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Everyone can agree, college is expensive. There’s no sugarcoating that; however, there are many resources and tools available that can help reduce the price tag. Whether it's for you or your kids, paying for education, while usually a great investment in yourself, is a costly undertaking and that can saddle you with steep payments and student loan debt for years to come.
There are two approaches to mitigating the burden of higher education costs: Saving now and taking out less in student loans or if you have to take out loans, paying them back more efficiently when the time comes. Here are 5 tools to help you prepare for these future expenses or help you manage existing debt.
1. Loan Refinancing
Loan Refinancing is when you replace your current loan with another one that has more favorable terms, such as lower interest rates or the ability to pay at a faster rate.
When you refinance your loan, you are working with a lender to swap out an old loan for a new and better one. Whether you have federal or private loans, you can use this option to pay reduced monthly payments, lower interest rates, and even shorter repayment terms. Also, if you don't like the loan terms you can refinance it every so often.
You need to have a solid credit score and a consistent stream of income to qualify for this method. If you find this is the best choice for you, NerdWallet and Credible have teamed up to curate a list of lenders that will provide the best refinancing options.
2. Loan Consolidation is when you combine all of your debts into one, and pay a single monthly payment.
Loan consolidation can sound like a hassle and an intimidating resource; after all, you’re taking multiple loans and combining them into one large loan. That's not necessarily accurate. When you consolidate your loans, you are actually making it easier to save money and even pay back your debt at a faster rate. Similar to loan refinancing, you can pay your debt down with the following methods:
- A single monthly payment.
- An alternate and more manageable repayment plan.
- A reduced interest rate on eligible loans (i.e. PLUS Loans).
- A grace period that will restart for loan terms, deferments, and forbearances.
While most loans are eligible for government-backed consolidation, privately funded loans are not. The lender and repayment terms can fluctuate while the consolidation process is still happening. Keep in mind if you go with this option, you can lose your original loan benefits. If this option piques your interest and you want to learn more, then visit Debt.org and find out everything you need to know about debt consolidation.
3. 529 Plans
Named after the section they represent within the federal tax code, these state investment plans are exempt from federal taxes. The purpose of this plan is to give individuals 18 and older the opportunity to put aside money for the designated beneficiary’s higher education. 529 Plans are popular with parents or relatives looking to easily save for a child's future education costs. Plus, since there are no age limits, you can open a 529 plan to fund your own college education too.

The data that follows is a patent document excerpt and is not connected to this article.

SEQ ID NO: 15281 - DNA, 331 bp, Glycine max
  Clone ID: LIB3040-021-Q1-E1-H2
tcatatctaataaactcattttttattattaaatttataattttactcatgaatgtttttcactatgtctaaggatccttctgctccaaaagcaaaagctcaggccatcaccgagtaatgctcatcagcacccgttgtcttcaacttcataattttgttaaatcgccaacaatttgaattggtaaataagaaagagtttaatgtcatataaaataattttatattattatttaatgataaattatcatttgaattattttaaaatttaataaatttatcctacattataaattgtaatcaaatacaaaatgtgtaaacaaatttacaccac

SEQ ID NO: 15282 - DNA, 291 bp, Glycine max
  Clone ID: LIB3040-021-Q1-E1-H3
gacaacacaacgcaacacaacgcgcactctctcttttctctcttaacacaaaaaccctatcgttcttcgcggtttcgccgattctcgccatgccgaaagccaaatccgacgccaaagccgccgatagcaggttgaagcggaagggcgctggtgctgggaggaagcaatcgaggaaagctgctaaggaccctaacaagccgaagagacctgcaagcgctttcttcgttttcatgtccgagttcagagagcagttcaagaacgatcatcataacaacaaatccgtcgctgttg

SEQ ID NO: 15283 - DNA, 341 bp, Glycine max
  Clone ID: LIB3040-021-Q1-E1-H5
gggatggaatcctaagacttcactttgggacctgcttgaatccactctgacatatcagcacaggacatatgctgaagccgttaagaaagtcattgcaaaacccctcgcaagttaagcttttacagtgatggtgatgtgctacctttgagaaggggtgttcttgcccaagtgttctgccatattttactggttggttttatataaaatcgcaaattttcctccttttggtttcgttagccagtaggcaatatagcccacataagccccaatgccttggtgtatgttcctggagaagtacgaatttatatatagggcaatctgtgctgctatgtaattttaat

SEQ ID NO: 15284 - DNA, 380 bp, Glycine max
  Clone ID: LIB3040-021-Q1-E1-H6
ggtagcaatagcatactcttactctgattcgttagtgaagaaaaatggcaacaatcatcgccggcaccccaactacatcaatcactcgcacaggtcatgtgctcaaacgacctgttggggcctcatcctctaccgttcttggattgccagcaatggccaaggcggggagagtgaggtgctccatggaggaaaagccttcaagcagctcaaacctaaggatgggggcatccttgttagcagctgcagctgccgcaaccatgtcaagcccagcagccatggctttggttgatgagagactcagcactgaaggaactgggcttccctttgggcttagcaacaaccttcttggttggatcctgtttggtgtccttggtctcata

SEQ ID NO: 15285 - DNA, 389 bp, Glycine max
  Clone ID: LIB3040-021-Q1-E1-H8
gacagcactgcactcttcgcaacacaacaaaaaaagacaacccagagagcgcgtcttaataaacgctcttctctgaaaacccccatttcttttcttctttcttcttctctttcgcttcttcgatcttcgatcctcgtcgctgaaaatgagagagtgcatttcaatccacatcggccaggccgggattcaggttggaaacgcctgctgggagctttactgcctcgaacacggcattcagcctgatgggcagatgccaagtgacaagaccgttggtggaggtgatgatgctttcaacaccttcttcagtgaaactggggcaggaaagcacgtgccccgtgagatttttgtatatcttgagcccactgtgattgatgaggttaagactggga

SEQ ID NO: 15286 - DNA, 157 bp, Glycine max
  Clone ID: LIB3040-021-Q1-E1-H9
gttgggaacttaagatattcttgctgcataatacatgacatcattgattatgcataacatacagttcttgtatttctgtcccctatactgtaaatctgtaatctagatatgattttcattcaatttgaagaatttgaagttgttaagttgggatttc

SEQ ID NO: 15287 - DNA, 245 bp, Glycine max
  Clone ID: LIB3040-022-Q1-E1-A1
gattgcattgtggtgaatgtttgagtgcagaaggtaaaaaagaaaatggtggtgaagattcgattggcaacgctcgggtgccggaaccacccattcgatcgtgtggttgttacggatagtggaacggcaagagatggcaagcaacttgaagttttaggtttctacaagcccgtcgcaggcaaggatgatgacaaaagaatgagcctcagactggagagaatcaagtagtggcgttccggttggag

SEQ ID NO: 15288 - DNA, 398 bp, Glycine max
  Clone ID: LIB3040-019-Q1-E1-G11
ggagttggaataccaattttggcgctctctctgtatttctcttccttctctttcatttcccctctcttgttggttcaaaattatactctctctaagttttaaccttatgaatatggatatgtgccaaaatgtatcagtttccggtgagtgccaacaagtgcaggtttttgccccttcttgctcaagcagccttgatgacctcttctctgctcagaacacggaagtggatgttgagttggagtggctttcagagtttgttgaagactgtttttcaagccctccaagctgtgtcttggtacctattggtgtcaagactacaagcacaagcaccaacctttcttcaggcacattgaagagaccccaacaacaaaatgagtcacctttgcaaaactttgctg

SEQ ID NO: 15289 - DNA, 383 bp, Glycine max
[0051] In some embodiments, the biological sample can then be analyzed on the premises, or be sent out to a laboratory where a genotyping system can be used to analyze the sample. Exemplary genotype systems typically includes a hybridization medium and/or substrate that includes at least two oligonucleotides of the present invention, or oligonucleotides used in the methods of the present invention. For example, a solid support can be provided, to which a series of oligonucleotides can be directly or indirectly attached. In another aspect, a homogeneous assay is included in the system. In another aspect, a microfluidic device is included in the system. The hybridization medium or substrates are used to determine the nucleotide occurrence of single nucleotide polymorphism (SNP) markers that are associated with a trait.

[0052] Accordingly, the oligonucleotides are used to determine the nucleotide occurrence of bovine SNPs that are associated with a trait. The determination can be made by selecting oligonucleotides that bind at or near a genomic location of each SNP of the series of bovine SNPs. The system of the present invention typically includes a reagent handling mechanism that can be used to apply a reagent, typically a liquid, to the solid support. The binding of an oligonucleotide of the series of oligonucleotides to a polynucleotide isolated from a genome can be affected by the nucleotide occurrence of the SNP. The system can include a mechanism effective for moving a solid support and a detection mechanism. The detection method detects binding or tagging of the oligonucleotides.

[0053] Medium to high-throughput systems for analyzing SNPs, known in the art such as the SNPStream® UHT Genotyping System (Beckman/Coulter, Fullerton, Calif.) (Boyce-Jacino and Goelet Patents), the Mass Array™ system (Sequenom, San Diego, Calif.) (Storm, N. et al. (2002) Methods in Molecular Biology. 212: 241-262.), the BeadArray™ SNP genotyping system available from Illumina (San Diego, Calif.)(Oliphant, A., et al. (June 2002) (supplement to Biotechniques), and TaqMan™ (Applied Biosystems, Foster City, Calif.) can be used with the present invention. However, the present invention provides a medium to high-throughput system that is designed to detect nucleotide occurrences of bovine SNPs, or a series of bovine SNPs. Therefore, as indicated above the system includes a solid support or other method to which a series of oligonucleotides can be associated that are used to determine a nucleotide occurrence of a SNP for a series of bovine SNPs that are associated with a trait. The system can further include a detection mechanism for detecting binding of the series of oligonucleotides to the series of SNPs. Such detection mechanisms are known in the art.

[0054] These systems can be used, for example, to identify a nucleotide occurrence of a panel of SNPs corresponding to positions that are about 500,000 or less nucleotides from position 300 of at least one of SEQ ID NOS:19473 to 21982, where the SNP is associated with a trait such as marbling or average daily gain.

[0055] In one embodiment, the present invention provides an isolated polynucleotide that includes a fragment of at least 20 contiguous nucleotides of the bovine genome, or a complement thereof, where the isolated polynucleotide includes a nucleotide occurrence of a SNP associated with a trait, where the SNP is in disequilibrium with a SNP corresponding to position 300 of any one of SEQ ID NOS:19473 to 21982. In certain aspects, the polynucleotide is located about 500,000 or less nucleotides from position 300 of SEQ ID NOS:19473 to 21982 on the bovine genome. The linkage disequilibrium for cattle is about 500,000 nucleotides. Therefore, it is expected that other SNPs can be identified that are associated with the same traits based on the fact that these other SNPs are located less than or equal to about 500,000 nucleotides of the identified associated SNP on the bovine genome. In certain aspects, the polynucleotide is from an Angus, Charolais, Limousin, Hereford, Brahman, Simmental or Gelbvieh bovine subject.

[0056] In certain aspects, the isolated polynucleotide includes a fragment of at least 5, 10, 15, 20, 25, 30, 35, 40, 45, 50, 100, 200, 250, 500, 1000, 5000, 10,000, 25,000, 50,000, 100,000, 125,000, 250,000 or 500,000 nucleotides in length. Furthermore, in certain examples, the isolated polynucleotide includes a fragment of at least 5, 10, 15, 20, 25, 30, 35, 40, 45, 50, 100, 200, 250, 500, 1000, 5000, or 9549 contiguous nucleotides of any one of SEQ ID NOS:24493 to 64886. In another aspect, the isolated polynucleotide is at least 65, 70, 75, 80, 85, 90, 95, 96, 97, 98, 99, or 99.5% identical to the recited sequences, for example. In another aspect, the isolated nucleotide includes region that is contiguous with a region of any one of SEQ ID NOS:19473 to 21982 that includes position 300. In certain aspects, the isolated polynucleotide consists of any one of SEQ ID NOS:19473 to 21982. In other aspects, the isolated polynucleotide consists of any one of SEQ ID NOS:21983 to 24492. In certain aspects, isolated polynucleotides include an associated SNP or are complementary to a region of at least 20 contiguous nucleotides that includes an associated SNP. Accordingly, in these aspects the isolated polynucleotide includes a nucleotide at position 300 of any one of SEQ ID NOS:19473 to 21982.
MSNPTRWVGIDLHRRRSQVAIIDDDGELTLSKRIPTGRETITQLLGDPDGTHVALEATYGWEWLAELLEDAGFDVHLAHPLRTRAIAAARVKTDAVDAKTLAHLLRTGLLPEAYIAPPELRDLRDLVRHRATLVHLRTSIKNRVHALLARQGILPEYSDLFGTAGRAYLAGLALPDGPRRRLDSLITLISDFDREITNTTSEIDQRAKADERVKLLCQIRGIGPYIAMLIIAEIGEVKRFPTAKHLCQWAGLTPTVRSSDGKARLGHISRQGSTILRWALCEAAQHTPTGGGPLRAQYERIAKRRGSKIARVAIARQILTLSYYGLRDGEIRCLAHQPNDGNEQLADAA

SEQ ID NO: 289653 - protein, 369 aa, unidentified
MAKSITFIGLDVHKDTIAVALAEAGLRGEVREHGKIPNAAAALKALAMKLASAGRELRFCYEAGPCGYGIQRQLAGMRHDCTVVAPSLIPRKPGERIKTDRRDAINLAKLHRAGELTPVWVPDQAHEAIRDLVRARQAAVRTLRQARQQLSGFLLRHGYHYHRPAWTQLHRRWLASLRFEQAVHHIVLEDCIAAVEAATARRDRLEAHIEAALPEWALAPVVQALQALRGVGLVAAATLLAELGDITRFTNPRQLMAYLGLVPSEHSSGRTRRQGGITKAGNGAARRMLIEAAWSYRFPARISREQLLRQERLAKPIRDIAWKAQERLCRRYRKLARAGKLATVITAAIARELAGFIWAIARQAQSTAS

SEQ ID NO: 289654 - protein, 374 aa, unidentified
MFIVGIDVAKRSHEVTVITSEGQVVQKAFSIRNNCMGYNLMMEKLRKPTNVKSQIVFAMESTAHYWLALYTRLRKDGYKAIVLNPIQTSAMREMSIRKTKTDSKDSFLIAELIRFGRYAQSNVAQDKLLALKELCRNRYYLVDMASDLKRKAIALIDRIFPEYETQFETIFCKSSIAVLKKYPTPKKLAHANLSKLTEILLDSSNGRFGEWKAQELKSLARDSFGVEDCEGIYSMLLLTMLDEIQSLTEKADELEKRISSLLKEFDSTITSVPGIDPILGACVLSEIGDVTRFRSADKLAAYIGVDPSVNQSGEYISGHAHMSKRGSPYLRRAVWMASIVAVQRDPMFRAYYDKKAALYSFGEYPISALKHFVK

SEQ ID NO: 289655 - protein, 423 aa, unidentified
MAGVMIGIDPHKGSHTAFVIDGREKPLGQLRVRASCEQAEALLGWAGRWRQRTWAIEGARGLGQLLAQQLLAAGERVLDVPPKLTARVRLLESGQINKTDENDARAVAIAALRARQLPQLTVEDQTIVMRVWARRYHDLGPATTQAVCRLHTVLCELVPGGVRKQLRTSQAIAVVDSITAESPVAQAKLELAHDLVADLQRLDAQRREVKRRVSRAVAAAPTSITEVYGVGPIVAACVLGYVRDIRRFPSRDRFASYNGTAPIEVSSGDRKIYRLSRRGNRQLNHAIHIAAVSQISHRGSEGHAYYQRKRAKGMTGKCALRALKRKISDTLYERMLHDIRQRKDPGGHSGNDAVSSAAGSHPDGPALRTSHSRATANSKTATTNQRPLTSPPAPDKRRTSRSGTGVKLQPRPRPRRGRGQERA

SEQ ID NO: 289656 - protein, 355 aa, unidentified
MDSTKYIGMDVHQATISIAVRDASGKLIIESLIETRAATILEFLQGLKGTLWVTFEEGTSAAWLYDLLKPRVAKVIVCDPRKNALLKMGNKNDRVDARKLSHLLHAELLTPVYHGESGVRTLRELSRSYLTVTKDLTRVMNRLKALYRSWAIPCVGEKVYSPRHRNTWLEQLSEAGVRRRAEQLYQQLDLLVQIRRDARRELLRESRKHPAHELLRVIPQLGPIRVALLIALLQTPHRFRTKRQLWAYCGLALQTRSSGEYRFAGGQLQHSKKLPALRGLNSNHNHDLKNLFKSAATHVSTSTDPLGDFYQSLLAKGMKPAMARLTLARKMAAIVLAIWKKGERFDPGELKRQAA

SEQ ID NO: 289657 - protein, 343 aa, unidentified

Each state’s plan varies, but generally, a 529 plan has the following characteristics:
- Earnings grow tax-free and will not be taxed if they are used for authorized educational purchases.
- Certain states can give full or partial tax credits or deductions for contributing to a 529.
- Most contribution limits range between $235,000 and $500,000.
4. Prepaid College Tuition Plans
These are state-run plans that help pay for future college tuition at today’s costs. They are available for private and state universities, and depending on the package you choose, you may be able to pay for your child’s entire college career. While prepaid college plans are similar to 529 plans because they allow you to save and invest money specifically towards your child’s education, you don’t run the risk of losing any money either.
Only a handful of states still offer a prepaid college plan, so do your research and use Saving for College’s College Cost Calculator to determine if a prepaid college plan will help you afford college "tomorrow."
This free program, created by Sallie Mae, gives you up to five percent cash back (you read that right, cash back, not points!) to help families save for college. They have helped millions of participants earn more than $9 million in cash back on everyday purchases.
The program is simple to understand and use. Open a college savings plan account, earn cash back on everyday items, and funnel those earnings into your account. When you’re ready to use your money, link your funds directly to an eligible loan or receive a check.
You can even build your credit score while earning cashback by using their Upromise MasterCard®. You should remember to not use your credit card as a crutch. However, the most important feature of this program is that your savings earn interest! Who knew that spending money could help you save thousands?
Hopefully, these five debt and saving resources will give you the confidence to revisit repayment options as well as prepare for your family’s future. Take the time to find the best alternatives that work for you, and don’t be afraid to think outside the box to search for creative debt solutions and savings options.
Want to learn more about credit cards?
Watch our Credit Card Basics video here.